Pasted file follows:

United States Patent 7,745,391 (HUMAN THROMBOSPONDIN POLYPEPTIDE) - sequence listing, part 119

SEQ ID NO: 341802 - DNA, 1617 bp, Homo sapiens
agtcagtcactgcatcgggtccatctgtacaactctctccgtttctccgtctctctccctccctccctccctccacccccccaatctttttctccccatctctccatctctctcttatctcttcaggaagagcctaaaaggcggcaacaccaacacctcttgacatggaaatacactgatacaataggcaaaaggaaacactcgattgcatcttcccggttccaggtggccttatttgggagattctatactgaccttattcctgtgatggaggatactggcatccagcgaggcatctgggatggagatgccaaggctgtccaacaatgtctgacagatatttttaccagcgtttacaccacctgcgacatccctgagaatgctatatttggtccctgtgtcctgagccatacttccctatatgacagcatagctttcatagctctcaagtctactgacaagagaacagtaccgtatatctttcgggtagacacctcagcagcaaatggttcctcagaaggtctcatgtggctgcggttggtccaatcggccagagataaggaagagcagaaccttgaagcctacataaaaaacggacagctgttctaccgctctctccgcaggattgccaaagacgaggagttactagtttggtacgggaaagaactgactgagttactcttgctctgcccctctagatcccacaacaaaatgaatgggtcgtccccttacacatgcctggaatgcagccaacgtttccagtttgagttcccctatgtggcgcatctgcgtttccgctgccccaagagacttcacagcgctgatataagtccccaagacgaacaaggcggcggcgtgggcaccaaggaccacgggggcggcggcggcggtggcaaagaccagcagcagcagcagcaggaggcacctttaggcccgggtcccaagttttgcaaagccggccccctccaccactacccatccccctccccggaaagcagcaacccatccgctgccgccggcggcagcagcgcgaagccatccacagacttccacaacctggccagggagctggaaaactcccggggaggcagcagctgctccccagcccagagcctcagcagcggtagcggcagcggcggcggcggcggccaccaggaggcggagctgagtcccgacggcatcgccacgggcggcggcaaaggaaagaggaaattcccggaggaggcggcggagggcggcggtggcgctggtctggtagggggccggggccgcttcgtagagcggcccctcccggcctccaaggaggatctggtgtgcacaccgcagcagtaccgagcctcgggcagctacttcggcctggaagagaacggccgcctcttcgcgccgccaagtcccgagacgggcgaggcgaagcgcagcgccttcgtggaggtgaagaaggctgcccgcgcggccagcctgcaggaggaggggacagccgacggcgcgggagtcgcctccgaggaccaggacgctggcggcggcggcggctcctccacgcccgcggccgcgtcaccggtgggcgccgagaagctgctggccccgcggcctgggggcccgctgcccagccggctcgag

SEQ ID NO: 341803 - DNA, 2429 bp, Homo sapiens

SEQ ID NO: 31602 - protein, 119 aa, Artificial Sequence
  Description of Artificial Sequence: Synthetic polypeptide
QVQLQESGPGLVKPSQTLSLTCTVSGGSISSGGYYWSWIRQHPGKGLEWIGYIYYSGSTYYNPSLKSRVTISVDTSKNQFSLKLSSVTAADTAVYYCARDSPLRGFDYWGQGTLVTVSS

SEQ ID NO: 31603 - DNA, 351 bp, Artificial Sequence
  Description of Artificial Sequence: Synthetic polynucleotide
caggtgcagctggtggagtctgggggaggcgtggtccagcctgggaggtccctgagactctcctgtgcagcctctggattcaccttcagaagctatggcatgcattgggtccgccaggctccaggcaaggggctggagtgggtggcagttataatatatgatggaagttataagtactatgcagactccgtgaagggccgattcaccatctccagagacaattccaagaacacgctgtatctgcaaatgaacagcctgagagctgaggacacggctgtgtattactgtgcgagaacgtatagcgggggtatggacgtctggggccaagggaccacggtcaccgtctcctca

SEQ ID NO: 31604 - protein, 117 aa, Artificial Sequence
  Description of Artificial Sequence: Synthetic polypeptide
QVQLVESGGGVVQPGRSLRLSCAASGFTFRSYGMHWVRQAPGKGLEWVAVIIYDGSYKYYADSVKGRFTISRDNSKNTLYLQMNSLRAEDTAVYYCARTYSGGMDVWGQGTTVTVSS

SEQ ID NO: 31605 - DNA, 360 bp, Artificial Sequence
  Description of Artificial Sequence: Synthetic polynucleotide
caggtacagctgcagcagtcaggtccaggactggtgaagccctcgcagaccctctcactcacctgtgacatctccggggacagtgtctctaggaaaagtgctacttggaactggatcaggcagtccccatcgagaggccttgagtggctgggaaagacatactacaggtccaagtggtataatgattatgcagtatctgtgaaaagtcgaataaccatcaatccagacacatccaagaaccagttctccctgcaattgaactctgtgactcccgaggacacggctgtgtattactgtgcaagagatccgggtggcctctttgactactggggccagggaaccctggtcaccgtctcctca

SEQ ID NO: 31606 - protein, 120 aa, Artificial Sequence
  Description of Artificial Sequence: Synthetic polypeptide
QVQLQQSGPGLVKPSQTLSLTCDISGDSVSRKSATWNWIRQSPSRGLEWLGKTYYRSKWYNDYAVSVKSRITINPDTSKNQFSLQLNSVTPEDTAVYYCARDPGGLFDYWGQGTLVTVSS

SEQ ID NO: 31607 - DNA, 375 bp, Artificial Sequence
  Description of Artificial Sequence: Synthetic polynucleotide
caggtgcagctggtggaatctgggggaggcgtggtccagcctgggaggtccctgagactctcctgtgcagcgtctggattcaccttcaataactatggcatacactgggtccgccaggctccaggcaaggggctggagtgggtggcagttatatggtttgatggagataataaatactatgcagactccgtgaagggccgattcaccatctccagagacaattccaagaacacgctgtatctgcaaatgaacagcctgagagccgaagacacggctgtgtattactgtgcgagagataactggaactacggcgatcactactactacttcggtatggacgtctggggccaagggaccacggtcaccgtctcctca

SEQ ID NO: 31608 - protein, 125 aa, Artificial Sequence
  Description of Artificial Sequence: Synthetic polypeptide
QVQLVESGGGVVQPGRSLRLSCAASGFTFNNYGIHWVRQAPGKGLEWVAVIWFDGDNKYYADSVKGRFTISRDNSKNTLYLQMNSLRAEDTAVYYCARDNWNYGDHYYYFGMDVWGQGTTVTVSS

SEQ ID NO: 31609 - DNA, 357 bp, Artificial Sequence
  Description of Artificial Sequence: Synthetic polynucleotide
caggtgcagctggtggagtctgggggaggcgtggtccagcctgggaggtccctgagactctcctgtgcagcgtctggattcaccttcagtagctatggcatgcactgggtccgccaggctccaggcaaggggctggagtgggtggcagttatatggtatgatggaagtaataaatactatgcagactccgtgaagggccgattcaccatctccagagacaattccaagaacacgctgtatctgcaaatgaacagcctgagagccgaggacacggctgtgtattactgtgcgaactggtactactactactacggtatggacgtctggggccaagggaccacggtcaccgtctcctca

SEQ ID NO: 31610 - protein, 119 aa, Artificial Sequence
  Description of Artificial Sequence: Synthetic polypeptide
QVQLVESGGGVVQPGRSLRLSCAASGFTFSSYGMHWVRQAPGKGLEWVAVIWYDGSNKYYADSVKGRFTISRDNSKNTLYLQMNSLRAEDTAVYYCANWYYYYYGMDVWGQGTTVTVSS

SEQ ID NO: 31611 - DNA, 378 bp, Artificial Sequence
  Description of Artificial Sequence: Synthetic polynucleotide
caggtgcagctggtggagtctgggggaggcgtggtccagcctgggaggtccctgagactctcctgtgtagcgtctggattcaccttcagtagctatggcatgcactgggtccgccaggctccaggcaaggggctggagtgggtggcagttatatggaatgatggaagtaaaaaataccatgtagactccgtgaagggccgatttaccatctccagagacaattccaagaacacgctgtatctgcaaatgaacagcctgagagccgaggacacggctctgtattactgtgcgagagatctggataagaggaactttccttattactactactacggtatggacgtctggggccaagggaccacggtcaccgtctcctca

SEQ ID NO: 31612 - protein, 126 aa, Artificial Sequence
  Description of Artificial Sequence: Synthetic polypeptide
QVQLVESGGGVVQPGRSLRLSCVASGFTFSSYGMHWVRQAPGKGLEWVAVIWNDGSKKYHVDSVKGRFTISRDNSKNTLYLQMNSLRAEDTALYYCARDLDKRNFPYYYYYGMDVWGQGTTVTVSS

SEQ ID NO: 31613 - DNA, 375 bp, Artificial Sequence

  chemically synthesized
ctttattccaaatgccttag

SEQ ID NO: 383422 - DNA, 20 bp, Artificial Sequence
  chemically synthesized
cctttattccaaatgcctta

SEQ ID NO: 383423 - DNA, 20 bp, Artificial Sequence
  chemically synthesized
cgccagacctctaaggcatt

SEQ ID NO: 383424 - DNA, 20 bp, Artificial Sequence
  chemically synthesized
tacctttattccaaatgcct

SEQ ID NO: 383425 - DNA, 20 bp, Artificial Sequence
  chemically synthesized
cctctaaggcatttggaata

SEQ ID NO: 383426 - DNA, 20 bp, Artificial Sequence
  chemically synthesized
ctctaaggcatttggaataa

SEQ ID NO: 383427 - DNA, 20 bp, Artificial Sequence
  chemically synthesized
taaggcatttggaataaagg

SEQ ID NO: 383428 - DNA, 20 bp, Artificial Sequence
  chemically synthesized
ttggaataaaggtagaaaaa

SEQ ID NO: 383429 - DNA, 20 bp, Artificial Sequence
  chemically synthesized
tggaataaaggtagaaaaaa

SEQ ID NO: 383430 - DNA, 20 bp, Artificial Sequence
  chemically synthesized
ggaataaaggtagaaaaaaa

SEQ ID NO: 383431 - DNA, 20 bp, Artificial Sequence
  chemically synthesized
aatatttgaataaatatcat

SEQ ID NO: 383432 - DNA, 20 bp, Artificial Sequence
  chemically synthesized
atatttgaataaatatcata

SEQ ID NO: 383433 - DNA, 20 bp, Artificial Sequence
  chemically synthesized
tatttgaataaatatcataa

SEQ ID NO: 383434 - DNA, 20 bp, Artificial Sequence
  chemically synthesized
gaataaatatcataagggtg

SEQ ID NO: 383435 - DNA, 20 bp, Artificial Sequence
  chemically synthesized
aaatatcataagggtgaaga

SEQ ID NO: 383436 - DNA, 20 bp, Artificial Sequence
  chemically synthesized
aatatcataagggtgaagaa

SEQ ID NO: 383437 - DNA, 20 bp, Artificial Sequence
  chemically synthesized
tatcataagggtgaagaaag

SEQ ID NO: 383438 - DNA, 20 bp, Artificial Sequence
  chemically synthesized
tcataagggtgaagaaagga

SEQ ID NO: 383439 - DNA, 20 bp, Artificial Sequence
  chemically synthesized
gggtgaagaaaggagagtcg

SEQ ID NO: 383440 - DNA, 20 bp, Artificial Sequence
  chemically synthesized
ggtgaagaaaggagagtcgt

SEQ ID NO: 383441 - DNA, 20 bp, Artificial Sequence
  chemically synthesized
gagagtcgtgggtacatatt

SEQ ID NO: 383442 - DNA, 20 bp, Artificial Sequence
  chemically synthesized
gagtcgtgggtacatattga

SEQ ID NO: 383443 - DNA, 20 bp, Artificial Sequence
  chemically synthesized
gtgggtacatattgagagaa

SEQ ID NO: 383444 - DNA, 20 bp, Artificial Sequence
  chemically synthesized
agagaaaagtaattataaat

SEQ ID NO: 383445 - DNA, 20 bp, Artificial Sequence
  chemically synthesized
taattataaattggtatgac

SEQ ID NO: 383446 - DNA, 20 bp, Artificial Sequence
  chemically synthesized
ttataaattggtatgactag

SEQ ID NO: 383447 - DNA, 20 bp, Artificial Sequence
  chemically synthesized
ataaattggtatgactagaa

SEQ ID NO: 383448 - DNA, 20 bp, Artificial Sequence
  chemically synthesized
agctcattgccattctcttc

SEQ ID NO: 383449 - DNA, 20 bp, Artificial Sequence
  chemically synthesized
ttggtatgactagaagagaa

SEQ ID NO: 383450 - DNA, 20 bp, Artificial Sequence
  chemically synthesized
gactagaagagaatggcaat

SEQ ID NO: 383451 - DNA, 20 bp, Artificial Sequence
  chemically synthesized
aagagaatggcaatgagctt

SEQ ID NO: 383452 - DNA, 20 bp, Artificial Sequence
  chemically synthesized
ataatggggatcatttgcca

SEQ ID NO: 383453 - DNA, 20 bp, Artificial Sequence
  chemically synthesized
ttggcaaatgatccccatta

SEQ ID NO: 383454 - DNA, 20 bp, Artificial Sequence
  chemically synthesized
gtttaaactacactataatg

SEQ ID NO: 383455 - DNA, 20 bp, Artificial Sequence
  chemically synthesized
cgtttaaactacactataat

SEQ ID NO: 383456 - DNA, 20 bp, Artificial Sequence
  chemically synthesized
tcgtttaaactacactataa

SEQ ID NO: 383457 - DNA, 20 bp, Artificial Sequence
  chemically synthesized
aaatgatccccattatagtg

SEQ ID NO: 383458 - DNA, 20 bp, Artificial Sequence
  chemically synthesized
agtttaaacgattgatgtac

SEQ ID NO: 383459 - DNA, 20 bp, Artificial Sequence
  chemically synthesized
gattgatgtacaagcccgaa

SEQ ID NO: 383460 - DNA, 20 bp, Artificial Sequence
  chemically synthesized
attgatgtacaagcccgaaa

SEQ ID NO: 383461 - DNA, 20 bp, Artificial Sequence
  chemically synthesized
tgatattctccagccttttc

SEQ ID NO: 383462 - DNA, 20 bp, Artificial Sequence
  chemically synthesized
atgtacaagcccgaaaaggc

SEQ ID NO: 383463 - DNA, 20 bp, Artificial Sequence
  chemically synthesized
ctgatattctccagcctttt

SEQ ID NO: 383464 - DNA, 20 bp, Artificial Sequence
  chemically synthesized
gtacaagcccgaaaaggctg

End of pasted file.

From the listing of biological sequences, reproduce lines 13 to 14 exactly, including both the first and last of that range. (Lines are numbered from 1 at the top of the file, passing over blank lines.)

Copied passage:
QVQLVESGGGVVQPGRSLRLSCAASGFTFRSYGMHWVRQAPGKGLEWVAVIIYDGSYKYYADSVKGRFTISRDNSKNTLYLQMNSLRAEDTAVYYCARTYSGGMDVWGQGTTVTVSS

SEQ ID NO: 31605 - DNA, 360 bp, Artificial Sequence